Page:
This is the last in a three-part series about supercharging your real estate business with a marketing niche. Part I of the series discusses how selecting a niche helps you to grow your business. Part II explained how to identify potential niches. This final entry will help you evaluate a real estate market niche choose one that will work for you.
If you do a search on the internet, you’ll find a wealth of information on how to determine the value of a market. The approach described below is a common sense way to evaluate a real estate market niche that doesn’t require hiring a marketing agency to complete a six-month study.
Evaluate Your Niches’ Potential
The first thing you need to do is evaluate the potential for each real estate market niche you identified.
Identify the activity in the niche for the past year or two.
Naturally, the more information you have, the better your evaluation will be. Therefore, get as much information as you can. You’ll need to pull information from your MLS and other resources, so first determine how you can identify the niche.
You’ll need to use criteria that you can pull from the MLS as a start. For example, determine if you can use zip codes or subdivision names to describe your niche. In addition, think of the other fields you can use to filter transactions. For example, there may be a field agents use to identify the listing as an historical home or a waterfront property.
Make a chart, and for each transaction in the niche, identify:
- The transaction – perhaps by address
- The dollar value of the transaction
- The agents involved in the transaction
Determine if the niche is large enough to support you.
Total up the dollar value of the transactions in the niche. Then, ask yourself: “What if I could capture 5, 10 or 20 percent of the market? Would that allow me to reach my income goals?”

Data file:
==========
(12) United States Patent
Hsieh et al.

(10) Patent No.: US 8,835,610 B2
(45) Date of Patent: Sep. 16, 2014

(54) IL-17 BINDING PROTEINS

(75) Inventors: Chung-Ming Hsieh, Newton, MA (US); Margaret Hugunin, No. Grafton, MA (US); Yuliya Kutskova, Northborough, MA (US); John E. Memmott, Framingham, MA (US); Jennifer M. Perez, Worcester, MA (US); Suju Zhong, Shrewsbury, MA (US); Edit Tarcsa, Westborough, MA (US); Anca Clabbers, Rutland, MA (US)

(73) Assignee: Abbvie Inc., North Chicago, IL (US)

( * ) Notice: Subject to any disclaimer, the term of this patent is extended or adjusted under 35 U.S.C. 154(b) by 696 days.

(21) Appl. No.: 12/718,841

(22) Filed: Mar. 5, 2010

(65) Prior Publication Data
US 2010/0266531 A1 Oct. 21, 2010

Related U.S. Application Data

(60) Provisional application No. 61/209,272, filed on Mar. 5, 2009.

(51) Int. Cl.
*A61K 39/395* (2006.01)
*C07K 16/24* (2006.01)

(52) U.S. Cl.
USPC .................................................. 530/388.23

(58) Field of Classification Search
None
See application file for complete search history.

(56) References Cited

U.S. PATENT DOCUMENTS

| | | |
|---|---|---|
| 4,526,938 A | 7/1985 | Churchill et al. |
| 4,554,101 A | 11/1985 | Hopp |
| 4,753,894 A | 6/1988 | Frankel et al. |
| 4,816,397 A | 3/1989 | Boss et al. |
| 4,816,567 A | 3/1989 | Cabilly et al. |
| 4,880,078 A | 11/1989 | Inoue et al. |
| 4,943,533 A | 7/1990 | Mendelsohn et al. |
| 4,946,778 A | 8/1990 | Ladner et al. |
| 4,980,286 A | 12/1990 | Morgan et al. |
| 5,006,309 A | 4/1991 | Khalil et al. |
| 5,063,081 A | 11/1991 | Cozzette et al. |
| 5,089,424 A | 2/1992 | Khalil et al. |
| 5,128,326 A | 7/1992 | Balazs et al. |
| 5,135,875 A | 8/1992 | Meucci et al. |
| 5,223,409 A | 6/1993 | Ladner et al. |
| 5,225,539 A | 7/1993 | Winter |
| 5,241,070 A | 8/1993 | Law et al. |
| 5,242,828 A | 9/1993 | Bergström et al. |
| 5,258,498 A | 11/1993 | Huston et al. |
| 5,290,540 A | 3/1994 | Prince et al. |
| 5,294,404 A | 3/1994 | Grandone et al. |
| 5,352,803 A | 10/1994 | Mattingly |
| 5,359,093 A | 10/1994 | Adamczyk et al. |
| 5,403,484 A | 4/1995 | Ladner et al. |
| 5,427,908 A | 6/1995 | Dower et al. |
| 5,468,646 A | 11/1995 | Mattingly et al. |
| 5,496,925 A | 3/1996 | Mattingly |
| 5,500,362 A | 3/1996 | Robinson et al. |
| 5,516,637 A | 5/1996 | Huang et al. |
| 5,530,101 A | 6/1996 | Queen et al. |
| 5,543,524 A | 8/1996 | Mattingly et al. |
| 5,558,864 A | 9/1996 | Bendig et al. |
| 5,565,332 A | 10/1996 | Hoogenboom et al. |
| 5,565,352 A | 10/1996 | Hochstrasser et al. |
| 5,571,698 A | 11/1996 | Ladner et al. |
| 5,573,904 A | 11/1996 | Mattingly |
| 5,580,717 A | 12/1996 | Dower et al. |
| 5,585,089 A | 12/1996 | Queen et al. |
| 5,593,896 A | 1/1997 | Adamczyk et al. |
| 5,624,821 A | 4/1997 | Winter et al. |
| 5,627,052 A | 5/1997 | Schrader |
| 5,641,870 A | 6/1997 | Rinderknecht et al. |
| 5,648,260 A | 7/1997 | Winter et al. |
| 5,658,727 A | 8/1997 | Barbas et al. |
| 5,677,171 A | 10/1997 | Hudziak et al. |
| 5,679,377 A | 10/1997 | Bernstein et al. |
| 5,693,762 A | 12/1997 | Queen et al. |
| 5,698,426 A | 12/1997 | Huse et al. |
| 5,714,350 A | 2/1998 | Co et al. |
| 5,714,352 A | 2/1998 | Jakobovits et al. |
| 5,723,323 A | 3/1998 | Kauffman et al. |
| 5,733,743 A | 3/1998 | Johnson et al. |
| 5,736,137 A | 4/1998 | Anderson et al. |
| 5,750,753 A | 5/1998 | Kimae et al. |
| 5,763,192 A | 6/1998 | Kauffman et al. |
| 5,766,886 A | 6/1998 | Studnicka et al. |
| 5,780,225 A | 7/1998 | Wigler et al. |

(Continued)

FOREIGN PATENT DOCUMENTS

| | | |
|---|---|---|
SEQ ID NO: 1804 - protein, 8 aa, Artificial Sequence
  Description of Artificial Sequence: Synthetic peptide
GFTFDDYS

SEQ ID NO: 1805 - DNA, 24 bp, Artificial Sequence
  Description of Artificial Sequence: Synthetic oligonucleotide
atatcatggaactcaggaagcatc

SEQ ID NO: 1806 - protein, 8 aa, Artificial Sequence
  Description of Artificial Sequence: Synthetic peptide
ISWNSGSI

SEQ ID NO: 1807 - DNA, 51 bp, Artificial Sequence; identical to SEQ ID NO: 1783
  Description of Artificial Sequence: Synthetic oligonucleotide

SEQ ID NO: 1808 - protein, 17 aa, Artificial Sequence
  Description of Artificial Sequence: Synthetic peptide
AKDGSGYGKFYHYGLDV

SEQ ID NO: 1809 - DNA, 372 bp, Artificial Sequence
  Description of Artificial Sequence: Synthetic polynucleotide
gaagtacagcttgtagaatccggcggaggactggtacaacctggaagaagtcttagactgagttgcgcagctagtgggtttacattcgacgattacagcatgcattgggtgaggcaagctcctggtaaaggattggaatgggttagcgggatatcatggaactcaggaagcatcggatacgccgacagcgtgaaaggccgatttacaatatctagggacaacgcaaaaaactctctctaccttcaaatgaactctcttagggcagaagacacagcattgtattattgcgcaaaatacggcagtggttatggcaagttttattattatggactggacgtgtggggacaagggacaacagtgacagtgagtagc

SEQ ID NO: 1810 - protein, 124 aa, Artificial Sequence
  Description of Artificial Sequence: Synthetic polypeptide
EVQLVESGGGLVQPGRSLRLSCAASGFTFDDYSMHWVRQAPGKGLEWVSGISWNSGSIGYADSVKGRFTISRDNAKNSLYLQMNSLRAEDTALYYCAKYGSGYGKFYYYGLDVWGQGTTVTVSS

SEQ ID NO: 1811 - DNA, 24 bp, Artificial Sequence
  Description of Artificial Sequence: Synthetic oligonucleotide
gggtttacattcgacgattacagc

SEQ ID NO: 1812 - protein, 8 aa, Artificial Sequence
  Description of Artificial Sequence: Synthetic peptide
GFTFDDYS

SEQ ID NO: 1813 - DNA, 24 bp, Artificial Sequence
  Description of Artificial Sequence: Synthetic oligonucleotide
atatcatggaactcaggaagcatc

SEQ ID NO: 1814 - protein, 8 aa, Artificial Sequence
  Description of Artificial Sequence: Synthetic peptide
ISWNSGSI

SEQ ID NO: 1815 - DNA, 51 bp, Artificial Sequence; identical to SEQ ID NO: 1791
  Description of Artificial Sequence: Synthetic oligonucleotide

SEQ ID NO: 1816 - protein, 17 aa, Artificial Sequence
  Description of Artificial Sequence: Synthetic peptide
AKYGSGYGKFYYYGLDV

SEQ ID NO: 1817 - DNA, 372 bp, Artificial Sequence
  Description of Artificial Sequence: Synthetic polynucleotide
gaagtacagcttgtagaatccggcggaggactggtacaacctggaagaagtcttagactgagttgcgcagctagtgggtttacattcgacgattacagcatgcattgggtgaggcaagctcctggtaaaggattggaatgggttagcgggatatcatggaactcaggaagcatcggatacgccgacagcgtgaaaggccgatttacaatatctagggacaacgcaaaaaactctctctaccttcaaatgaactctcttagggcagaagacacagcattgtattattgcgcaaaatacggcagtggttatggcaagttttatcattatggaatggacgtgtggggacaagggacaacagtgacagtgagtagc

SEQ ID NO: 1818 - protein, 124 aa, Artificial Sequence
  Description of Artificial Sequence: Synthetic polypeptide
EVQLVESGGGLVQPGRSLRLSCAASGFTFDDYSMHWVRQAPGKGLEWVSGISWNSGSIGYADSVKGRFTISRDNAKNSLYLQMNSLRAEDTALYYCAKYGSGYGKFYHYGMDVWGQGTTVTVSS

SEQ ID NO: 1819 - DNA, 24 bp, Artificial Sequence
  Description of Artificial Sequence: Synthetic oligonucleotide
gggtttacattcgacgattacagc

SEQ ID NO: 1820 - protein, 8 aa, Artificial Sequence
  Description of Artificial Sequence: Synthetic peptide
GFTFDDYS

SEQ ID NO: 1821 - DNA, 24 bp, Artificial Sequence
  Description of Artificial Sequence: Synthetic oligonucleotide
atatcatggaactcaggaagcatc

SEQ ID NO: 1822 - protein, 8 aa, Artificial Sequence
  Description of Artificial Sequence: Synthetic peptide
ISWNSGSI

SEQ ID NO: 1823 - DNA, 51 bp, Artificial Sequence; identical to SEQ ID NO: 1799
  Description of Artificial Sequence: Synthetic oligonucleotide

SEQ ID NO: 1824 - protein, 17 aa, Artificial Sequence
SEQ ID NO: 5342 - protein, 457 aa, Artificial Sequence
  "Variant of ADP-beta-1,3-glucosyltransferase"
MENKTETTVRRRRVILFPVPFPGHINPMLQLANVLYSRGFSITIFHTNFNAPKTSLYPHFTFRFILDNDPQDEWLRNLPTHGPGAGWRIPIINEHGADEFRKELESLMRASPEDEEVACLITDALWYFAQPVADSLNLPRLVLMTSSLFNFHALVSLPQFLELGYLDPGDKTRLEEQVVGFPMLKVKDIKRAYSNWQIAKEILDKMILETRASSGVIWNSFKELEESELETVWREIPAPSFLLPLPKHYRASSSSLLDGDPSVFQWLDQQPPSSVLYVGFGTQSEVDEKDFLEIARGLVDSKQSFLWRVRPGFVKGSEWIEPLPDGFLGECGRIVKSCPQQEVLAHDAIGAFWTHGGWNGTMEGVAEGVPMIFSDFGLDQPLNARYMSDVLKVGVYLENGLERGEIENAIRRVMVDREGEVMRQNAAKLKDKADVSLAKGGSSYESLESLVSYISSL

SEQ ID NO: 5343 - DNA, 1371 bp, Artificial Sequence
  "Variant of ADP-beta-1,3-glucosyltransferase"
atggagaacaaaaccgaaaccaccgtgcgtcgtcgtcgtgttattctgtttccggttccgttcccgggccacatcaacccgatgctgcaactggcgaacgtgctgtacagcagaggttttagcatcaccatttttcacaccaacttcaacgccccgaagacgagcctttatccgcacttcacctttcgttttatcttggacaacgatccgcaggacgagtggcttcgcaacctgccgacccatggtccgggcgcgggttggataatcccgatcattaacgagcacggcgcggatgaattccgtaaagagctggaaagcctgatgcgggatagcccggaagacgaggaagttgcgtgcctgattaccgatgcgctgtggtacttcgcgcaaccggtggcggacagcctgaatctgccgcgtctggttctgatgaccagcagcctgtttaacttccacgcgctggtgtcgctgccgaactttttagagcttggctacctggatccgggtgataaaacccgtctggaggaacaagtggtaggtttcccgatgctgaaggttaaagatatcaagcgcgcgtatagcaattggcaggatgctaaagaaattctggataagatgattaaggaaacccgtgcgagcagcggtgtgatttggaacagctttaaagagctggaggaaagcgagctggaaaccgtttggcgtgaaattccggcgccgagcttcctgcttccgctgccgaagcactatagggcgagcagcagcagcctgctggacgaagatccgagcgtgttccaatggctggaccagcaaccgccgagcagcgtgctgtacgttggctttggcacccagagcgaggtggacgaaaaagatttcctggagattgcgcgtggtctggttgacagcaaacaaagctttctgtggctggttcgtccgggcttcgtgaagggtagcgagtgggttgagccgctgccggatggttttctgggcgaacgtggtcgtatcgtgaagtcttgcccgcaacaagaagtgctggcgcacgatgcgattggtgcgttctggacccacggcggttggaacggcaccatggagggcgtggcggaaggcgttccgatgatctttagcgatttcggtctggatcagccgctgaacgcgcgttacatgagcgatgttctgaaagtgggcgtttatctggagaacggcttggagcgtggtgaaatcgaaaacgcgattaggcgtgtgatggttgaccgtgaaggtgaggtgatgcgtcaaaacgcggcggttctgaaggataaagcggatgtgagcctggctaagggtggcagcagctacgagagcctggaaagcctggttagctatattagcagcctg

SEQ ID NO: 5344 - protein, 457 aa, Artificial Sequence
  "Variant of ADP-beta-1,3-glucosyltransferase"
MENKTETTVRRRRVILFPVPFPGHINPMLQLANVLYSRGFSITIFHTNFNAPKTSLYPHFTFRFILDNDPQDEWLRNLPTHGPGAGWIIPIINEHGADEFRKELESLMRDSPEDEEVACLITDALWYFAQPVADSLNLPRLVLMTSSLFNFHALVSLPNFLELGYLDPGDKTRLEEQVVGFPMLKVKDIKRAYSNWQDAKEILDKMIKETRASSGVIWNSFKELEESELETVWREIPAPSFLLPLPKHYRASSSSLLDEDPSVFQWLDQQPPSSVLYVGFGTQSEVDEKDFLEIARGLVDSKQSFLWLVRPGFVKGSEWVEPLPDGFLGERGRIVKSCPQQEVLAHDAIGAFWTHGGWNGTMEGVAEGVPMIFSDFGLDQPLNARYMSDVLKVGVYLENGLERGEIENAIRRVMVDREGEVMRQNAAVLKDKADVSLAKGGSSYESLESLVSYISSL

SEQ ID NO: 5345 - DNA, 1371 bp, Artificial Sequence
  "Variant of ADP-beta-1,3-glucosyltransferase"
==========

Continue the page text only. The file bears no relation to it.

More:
If the answer is that you’d need 50 or 75 percent of the market, you either need the capital required to keep going until you reach that goal, or you need to choose a more active niche.
Evaluate your competition.
Look at the chart and sort it according to agent name, and calculate how much of the real estate market niche each agent has captured. For example, if there were 500 transactions and one agent did 10 transactions, that agent would have 2 percent of the market.
Look for trends. Does one agent have a large part of the market? Are there five agents that do the bulk of the transactions, then it falls off to a number of also-ran agents? If one agent has 90 percent of the market, you’d need have much more to offer to break in to that niche. But, let’s assume that there are five agents that share the bulk of the transactions.
Your next step would be to research those agents. If you know some of them already, you’ve got a head start, but you’ll still need to do some research.
- Look at their websites. Do they promote themselves as experts in the niche you’re evaluating?
- What does their website tell you about how they brand themselves and how they sell their services?
- Look at review websites like Facebook, Zillow and Trulia. Do they have a five star rating on those sites? What do their clients say they liked about their services.
- Find out everything you can about each agent that would affect their strength as a competitor. Are they mid-career and picking up steam? Are they heading toward retirement? Are they brand new? How many transactions do they complete a year? Do they have any production awards?
After you’ve gathered information about a competitor, look for things that you do better than they do. Pay attention to any negative reviews to find out what people don’t like about working with them. At that point, you should be able to make an educated guess as to how difficult it will be to break into the market.
Make a Choice and Go For It!
You can compare the information you gathered about each of your potential niches and make an informed choice to actively pursue the most promising. Once you’ve made that commitment, go all out. Brand yourself and your website for that niche and market to the people in that niche.
Finally, ask yourself this question: Would you rather have a small chance of getting a very small part of a huge market, or a good chance at getting a significant portion of a specialized market? When you become the go-to person in a niche, finding new clients will be a breeze – they’ll come to you.
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